In many countries, individuals are identified by a unique number issued by the government. Probably the most ubiquitous example is the Social Security Number in the United States, which is generally necessary to obtain employment, open a bank account or obtain a driver’s license, and is used for credit monitoring and other private sector purposes. … Continue Reading

Sexual Harassment Claims Put Non-Disclosure and Arbitration Agreements Under Scrutiny, Resulting in a Flurry of Legislative Action

In the current climate where sexual assault and harassment allegations against Hollywood elite, Congressmen and news anchors have triggered a wave of “me too” allegations, several tools commonly used by employers to shield themselves from liability have come under attack, including non-disclosure agreements (NDAs) and arbitration agreements. Many employers require employees to sign NDAs as … Continue Reading

Illinois Employers Face A Recent Rash of Class Action Lawsuits Filed Under State Biometric Information Privacy Law

Illinois enacted its Biometric Information Privacy Act (“BIPA”) in 2008 to regulate, among other things, employer collection and use of employee biometric information.  Biometrics is defined as the measurement and analysis of physical and behavioral characteristics.  This analysis produces biometric identifiers that include things like fingerprints, iris or face scans, and voiceprints, all of which … Continue Reading

California Latest State to Adopt No-Ask Law

On October 12, 2017, California Governor Jerry Brown signed a salary privacy law prohibiting California employers from seeking or relying on salary history information, including compensation and benefits, about an applicant for employment. Agents of the employer, such as recruiters, are also prohibited from seeking for this information. Further, upon reasonable request, employers must provide … Continue Reading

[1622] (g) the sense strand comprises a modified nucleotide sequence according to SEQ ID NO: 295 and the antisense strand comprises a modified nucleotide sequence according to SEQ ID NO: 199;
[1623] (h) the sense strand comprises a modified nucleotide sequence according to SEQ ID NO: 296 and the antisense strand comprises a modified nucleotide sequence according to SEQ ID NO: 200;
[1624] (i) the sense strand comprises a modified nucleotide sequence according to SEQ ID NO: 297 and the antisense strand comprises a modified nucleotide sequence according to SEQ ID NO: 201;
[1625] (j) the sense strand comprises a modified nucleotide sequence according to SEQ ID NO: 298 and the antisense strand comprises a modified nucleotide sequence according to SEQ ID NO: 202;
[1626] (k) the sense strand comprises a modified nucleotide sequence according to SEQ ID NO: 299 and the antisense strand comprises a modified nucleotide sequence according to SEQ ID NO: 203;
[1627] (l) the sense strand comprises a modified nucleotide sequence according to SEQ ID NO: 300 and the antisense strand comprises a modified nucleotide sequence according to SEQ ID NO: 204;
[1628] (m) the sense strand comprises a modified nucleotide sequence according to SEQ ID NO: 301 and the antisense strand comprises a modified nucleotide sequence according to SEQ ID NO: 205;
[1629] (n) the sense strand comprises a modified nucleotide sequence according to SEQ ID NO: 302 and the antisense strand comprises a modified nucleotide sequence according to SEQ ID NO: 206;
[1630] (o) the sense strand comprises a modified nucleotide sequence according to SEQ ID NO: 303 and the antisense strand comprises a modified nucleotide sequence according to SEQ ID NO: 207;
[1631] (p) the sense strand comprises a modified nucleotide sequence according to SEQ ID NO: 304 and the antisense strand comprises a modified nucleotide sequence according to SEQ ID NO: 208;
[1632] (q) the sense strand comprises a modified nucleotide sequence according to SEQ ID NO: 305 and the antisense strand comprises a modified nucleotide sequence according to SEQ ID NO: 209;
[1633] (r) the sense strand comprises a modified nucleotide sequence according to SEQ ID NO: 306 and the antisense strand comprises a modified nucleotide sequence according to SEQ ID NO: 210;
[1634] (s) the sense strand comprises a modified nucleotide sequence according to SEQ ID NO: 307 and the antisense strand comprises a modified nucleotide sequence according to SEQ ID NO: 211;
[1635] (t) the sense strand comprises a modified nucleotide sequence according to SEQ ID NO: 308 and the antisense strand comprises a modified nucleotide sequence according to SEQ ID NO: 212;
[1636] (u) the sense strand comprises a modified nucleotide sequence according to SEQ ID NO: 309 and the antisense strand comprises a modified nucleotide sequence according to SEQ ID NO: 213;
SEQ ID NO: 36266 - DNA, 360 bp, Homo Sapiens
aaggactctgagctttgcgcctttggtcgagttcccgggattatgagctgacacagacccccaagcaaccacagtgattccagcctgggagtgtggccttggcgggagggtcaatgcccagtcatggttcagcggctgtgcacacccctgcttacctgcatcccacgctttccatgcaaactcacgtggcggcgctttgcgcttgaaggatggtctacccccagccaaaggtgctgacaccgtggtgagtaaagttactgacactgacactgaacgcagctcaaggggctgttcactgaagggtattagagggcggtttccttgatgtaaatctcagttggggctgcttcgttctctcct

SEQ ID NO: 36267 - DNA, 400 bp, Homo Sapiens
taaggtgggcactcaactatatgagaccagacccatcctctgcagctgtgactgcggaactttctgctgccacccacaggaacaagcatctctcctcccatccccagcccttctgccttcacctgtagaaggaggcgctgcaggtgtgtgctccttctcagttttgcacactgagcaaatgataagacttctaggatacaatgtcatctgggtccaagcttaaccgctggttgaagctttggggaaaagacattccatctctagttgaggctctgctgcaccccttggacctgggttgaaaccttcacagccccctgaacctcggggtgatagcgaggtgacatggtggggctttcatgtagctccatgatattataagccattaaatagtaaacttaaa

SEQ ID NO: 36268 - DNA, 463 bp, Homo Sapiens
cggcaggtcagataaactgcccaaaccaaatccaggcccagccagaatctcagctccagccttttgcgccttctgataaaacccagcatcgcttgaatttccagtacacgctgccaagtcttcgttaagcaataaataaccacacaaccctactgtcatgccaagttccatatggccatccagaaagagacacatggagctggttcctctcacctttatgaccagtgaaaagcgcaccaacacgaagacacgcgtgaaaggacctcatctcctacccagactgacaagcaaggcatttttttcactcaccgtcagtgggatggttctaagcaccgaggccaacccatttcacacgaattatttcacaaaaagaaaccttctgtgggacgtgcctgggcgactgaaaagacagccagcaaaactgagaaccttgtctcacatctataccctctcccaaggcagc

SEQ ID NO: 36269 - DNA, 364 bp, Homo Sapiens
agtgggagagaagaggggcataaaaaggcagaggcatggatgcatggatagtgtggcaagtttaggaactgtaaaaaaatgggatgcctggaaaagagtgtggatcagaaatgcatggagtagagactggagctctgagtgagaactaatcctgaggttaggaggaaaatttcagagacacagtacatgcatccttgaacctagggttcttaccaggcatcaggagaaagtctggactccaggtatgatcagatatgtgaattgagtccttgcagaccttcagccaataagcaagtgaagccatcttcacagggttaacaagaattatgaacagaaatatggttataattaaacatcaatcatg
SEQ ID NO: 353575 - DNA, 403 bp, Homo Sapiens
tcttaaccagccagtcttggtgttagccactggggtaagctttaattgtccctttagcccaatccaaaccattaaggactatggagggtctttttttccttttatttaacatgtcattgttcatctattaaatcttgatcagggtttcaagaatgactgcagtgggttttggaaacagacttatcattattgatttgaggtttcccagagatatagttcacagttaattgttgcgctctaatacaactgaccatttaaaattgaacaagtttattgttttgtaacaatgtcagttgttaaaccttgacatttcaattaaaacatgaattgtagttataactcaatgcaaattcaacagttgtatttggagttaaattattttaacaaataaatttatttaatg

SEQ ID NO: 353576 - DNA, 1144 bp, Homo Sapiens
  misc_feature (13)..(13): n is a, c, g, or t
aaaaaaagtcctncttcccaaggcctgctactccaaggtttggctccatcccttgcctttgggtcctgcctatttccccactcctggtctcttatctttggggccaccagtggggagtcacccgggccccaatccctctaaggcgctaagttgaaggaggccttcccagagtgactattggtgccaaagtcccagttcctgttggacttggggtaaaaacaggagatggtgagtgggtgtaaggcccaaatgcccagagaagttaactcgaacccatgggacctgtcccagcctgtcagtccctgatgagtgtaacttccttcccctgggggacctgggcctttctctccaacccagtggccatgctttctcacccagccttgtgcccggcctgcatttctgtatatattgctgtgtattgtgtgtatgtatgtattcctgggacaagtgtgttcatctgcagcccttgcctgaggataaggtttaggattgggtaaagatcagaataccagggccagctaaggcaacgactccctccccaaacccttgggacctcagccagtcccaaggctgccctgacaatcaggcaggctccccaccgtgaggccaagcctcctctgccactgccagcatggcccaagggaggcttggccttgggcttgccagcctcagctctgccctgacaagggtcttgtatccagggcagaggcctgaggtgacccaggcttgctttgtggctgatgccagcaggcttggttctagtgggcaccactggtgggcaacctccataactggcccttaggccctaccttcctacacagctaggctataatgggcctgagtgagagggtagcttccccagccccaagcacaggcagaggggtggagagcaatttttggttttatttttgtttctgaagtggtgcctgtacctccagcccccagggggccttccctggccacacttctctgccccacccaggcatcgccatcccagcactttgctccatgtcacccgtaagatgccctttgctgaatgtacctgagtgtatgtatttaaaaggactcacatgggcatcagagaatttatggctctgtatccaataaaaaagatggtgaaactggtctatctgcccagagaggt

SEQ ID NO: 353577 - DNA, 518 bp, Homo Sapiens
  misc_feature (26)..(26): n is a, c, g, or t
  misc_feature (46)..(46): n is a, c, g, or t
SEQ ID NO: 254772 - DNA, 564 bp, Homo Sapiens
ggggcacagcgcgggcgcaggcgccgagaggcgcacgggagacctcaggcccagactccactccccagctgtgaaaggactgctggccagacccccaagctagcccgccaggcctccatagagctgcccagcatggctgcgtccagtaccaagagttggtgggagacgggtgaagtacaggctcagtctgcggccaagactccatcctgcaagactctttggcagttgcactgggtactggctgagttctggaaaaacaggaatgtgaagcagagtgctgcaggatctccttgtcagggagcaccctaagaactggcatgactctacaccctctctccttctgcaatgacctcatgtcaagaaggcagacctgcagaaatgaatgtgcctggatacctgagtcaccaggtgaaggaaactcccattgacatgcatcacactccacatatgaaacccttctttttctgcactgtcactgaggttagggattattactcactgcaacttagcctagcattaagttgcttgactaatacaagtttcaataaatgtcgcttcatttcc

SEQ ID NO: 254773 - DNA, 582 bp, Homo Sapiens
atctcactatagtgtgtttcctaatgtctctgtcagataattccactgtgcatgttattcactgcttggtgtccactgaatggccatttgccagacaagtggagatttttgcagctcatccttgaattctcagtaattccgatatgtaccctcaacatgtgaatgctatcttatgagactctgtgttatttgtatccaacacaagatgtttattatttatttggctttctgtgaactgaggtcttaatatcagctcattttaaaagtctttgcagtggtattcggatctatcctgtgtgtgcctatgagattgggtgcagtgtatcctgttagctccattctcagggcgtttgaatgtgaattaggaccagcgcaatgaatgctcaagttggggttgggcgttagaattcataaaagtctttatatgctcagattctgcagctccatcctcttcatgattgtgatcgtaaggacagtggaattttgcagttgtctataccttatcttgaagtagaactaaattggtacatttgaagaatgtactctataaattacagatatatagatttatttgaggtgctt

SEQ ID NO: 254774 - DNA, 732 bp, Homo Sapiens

Spying on an employee in France breaches his right to privacy, even where he is committing breaches of his employment contract

The French Supreme Court recently ruled that an employer could not rely on the report of a private detective it had hired to spy on one of its employees to obtain an injunction against him because this was a breach of the employee’s privacy and that could not be justified, however legitimate were its concerns. … Continue Reading

Icing on the cake for Facebook privacy laws & the impact on your workplace

While Facebook continues to produce evidentiary gold for employers seeking to prove employee wrongdoing, a recent New Zealand case demonstrates that privacy settings can’t be ignored. In a recent ruling, the New Zealand Human Rights Review Tribunal ordered an employer pay an ex-employee a hefty $168,000 after it wrongfully accessed her Facebook page and maliciously … Continue Reading

Keeping your eyes on the road – are there limits to a UK employer’s monitoring of staff movements?

How would you feel about your employer knowing where you are 24 hours a day? News reaches us of a claim by an employee dismissed in the US for deleting a smartphone app Xora which her management had required her to install as part of its mobile workforce management systems.  Xora bills itself (with callous … Continue Reading
LexBlog